Gazing Upward
  • Faith and Living
  • December13th

    I have a dear friend who is striving to dig deeper in her faith…to figure out what she really believes and why she believes it. In the process, she is struggling with the ever-perplexing topic of prayer. After sharing some examples of conversations, I could completely understand why.
    You see, in general, our culture has strayed from a biblical perspective on prayer. We’ve left behind prayer as an opportunity for worship and gratitude to the Lord and whittled the discipline down to supplication alone. In both the Old and New Testaments, God calls us to pray. Often He calls for us to “stand in the gap” and pray on behalf of others. Intercessory prayer is one of the most precious God-given opportunities to take part in His great work on earth. However, I think we’ve missed that God most often uses prayer to change and mold our hearts, minds, motives, and desires. Because of our genie-in-a-bottle mentality, we expect God to demonstrate His love and faithfulness through answering our requests. This “name it and claim it” approach is not new but seems to be growing subtlely in practice and popularity. (I can go into how this approach evolved from misinterpretation of several Scriptures, but then this post will become too long. Email me or comment if you want me to elaborate and explain.) Let me illustrate the problems this mentality and approach cause.
    A particular FB thread shared the concern of a new mother whose baby may have some medical issues. Responses included promises that the baby would be healed because God is faithful, a statement to go and receive God’s blessing of healing and that the infant would be healed, and celebration of what the doctor will tell them tomorrow at their appointment (predicting positive news.) There are some major issues here. First of all, they are giving this woman false hope. They are claiming to believe that they know best by saying that the baby will be healed. What if healing is not God’s plan for this sweet infant? What if He plans to accomplish amazing things through the medical trials of the child and his parents? And is God only faithful if He heals? That seems to be the message implied.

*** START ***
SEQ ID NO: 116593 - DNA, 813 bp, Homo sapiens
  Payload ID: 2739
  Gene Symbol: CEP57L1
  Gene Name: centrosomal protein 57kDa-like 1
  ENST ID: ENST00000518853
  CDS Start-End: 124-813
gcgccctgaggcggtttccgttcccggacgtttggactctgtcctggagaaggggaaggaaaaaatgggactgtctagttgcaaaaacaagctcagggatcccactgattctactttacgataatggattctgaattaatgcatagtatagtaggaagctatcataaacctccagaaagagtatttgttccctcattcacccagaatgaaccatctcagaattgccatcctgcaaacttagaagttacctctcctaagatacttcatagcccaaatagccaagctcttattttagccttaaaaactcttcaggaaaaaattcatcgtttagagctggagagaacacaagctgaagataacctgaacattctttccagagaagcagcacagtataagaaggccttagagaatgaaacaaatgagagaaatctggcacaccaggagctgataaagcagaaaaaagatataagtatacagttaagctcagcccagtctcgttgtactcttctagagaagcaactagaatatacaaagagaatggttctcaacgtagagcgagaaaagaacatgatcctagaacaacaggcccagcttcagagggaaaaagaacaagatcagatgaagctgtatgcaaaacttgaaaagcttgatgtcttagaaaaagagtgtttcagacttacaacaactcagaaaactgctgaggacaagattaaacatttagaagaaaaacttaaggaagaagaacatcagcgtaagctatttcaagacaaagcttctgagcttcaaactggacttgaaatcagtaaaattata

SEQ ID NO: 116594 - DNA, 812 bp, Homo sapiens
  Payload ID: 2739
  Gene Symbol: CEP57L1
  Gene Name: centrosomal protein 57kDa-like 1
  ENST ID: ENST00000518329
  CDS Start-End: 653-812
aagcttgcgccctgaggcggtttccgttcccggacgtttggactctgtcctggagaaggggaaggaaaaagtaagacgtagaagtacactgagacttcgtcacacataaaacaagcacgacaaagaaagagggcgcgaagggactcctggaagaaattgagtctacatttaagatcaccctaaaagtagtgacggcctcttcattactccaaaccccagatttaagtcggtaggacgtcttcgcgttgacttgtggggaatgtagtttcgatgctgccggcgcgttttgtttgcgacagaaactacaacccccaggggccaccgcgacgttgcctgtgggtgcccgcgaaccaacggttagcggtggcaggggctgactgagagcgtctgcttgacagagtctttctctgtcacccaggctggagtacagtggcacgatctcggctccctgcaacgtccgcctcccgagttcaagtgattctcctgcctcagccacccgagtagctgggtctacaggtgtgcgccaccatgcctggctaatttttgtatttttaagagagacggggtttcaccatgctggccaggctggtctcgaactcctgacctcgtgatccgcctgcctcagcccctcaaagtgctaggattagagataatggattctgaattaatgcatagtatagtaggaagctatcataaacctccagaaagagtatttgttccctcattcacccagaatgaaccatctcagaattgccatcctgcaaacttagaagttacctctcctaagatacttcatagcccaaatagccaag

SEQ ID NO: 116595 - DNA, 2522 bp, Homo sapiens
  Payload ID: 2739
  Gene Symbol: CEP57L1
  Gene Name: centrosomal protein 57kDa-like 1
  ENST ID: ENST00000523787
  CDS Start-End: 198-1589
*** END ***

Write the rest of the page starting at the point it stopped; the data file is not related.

I’ll be honest in sharing that this thriving baby inside my womb has given me reason to celebrate and praise God. I feel loved because He blessed us with this miracle. And many have commented on God’s faithfulness because He has sustained this pregnancy. However, would He be any less faithful if I had miscarried? Would I be any less loved if He had allowed this baby to join Him in heaven? Did He perhaps demonstrate His love and faithfulness to me even more by carrying me through our previous losses?
    The truth is that God is faithful. Period. He is faithful through the good and the bad. When He answers our personal prayers, He is not any more faithful or loving than when He reveals a different path or plan. When He allows a tiny struggling infant or a cancer-stricken victim to pass away rather than be healed, He is not any less faithful or compassionate. As long as we’re residents on this fallen earth, we will not understand the magnitude and scope of His purposes and plans for our lives. As singer Babbie Mason wrote in one of her songs, “When you can’t trace His hand, trust His heart.” Remember who God is and trust His ability to lead us through the valleys. Some of the most mature and godly Christians I know say that they grew most in their faith and experienced God most intimately when in the midst of devastating circumstances.